capacity and ability than a human, then who can best fit these crutches then cut himself.
Also, if you what you need to understand as well, is that, you know, when we have separate evidences for God's existence, we also understand that it's very likely that that God will communicate with us. This follows from the fact that not only is a law of God, the Creator and design of the entire cosmos that we inhabit, but he also made it fit for existence. In addition, He created us with souls or consciousness, and instilled a sense of morality. So clearly, God is very, extremely invested
in our existence and flourish. So as such, it's, it's extremely likely that he would want to communicate to us in the form of Revelation. So this is very important. You say hi, being is a semantic replacement of God and high beings were ambiguous. Is this another Phantom option? Is this the fallacy of the Phantom option? Okay, what is this IB? Right, we've given you a really good explanation, which is God Himself. What is this higher mean?
Right? Or is this just another Phantom option, right, which is a logical fallacy, as we discussed in the beginning, now, there is a theistic response to this, like many Christians are Christian brothers and sisters who say that maybe the Quran came from the devil. Well, this explanation is untenable as well. And listen, and I've and I've written this in the book that you can download for free on our website, the Quran could not have come from the devil or some type of spirit, because the basis of their existence is in the Quran and revelation itself, not an empiric not empirical evidence. Therefore, if someone claims at the source of the Quran, and is the devil, they would have
to prove prove that his In other words, the devil's existence, and ultimately would have to prove revelation. In the case of using the Quran as the revelation to establish that there was existence, then that would already establish the divine text that would establish it as a divine text, because to believe in the devil his existence would presuppose the Quran to be divine, and therefore, this contention is self defeating. If, however, the revelation that you referred to is the Bible, it must, it must be shown to be valid, it must be shown to be a valid basis to justify the belief in the devil. Now, with all due respect, you can't use the Bible to justify the belief in anything in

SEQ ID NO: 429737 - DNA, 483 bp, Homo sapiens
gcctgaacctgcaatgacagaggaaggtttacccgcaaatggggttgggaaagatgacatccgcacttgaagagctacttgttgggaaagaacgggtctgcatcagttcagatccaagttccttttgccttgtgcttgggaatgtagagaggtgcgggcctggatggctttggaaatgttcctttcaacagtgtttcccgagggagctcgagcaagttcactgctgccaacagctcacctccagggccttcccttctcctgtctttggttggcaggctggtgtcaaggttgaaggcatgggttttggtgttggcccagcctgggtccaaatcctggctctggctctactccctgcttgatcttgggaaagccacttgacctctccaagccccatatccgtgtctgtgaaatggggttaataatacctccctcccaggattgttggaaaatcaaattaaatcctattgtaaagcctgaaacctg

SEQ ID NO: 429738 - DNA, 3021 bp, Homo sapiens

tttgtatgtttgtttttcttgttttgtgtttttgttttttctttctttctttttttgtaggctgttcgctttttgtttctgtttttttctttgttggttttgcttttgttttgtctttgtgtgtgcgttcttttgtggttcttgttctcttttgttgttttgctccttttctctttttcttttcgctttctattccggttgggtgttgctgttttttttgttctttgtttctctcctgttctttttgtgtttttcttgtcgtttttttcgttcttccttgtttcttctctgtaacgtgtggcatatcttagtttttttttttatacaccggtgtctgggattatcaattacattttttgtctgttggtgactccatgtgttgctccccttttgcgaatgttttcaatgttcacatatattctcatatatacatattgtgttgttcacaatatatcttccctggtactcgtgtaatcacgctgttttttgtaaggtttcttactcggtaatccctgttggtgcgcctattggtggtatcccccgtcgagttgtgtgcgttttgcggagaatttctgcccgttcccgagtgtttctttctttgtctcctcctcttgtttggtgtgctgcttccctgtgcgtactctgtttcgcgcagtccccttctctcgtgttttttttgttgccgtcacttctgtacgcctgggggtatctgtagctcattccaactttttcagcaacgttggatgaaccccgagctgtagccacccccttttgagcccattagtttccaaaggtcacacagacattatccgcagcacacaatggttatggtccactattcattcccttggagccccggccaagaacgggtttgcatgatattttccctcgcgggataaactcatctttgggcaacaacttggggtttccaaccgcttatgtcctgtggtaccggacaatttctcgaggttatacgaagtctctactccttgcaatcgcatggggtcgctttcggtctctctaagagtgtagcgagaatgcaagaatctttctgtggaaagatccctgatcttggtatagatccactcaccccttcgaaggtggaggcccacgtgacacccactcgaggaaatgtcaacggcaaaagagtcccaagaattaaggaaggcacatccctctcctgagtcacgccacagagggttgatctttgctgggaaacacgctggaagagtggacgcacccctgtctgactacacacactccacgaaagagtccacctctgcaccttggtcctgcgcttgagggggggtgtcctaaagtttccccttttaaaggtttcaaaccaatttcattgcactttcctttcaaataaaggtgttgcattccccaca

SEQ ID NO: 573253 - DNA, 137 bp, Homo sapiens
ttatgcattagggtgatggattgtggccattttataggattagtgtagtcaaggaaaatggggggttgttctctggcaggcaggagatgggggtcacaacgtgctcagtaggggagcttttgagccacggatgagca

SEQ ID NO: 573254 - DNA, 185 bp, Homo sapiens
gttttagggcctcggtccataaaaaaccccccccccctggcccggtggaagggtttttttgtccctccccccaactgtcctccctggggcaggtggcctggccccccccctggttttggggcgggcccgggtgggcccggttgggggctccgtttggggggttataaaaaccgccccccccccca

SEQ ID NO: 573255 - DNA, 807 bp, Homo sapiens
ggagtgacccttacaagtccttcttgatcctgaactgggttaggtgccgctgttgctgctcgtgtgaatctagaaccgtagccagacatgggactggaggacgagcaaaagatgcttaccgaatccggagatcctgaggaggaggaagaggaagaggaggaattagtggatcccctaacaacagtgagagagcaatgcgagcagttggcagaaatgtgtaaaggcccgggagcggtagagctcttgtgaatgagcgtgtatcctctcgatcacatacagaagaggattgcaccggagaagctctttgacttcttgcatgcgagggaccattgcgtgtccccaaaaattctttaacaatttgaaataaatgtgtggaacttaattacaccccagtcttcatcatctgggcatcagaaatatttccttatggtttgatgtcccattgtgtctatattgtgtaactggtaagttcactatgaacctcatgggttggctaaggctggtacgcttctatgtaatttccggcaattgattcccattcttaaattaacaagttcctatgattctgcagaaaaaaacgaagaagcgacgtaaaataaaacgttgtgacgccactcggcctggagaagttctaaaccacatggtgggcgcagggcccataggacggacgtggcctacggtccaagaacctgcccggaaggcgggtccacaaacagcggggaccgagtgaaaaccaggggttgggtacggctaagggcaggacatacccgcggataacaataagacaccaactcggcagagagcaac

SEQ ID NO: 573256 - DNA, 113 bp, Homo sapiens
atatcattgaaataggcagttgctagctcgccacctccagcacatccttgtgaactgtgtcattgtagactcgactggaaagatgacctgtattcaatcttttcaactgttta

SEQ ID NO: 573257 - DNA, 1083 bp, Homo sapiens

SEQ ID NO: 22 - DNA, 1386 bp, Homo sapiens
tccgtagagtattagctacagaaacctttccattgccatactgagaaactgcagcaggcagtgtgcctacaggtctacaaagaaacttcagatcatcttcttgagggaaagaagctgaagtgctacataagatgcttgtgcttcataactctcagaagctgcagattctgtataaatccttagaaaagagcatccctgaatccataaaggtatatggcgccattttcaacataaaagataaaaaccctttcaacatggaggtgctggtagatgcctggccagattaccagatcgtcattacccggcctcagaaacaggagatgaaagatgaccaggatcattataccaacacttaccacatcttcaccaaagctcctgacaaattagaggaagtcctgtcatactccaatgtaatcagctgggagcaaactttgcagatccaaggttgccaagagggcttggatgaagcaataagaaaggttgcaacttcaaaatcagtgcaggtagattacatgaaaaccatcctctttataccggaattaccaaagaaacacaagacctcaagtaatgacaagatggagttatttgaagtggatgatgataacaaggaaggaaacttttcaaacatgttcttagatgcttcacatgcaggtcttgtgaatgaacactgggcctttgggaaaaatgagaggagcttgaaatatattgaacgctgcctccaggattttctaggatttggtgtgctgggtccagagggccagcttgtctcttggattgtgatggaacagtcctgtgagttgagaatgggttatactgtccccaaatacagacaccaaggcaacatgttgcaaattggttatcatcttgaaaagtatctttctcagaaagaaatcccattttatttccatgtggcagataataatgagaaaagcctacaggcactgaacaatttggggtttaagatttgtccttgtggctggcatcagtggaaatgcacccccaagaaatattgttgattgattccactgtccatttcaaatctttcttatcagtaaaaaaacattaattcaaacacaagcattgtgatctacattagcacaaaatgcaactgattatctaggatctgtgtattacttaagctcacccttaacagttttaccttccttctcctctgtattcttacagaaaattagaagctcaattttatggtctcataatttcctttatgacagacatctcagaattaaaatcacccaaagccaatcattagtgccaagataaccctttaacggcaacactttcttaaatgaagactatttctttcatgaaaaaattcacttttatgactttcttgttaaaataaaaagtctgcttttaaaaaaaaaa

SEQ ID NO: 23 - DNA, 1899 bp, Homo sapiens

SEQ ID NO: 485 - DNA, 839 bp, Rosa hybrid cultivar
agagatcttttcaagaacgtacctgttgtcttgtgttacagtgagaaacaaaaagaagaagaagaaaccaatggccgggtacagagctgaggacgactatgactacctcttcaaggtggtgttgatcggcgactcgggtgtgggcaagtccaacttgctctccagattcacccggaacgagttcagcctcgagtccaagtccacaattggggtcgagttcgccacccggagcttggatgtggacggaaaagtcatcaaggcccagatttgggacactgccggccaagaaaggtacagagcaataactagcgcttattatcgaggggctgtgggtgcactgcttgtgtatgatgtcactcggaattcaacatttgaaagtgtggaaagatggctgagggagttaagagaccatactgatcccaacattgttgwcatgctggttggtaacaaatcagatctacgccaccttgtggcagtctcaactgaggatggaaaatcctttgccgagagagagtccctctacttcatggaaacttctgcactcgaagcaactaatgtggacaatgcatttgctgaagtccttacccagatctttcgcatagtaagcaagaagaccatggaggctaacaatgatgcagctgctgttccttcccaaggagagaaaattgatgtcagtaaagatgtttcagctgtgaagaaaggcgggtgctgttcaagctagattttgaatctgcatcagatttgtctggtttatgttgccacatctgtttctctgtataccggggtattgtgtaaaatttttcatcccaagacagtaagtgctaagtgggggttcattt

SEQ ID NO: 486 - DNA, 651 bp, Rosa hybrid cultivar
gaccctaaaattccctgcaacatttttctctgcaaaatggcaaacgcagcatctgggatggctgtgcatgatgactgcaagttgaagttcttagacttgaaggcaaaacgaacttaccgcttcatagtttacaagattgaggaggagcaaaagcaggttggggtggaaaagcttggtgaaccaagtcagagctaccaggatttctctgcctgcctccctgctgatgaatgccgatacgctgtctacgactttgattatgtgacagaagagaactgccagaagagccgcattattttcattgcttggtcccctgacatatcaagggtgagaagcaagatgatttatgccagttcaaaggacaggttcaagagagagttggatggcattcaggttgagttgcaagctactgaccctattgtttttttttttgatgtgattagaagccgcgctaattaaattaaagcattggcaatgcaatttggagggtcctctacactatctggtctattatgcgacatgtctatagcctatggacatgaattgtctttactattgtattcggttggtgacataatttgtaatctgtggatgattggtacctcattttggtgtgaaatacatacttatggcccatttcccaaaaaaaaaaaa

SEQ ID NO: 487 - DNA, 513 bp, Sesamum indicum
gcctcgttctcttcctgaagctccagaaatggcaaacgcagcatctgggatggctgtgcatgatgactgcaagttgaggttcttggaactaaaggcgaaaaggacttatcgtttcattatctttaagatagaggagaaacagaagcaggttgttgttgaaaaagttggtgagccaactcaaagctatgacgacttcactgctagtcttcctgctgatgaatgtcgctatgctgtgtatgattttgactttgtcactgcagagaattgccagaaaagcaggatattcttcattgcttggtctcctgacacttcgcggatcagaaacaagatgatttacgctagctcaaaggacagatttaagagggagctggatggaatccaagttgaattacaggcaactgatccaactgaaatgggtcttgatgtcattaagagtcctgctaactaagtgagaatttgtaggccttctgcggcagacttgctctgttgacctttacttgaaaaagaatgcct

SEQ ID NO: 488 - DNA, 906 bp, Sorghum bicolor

my view, because in light of contemporary studies in the texture, integrity and historicity and and historicity of the Bible, this is not feasible. Also, further content analysis of the Quran was
strongly indicated the book is not the teachings of the devil, as the Quran rebukes him and promotes morals and ethics, not in line with an evil world view. So, in conclusion, brothers and sisters, we have formulated a powerful argument, develop a premises with a conclusion,
which rests upon the background information and understanding of epistemology of testimony and inference to the best explanation. And we really haven't even referred to any of the special features linguistic features in the Quranic discourse. And you're able to articulate this to to non Muslims and people who don't have the expertise and even to to non Arabs. And let me just summarize this argument for you to see how easy you can summarize this with regards to the dour with regards to articulating this to our brothers and sisters in humanity. So it could be done in a couple of couple of paragraphs.
The Quran was revealed in Arabia to the Prophet Mohammed Solomon's seventh century in the seventh century. This period was known as an era of literary and linguistic perfection. The seventh century Arabs were socialized into being a people who were best who were the best expressing themselves in their native tongue. They would celebrate when a point was among amongst them and all they knew was poetry. They would start with poetry and end with poetry. The cultivation of poetic skills and linguistic mastery was everything. for them. It was the oxygen and lifeblood, they could not live a function without the perfection of the linguistic abilities. However, when the animals recited to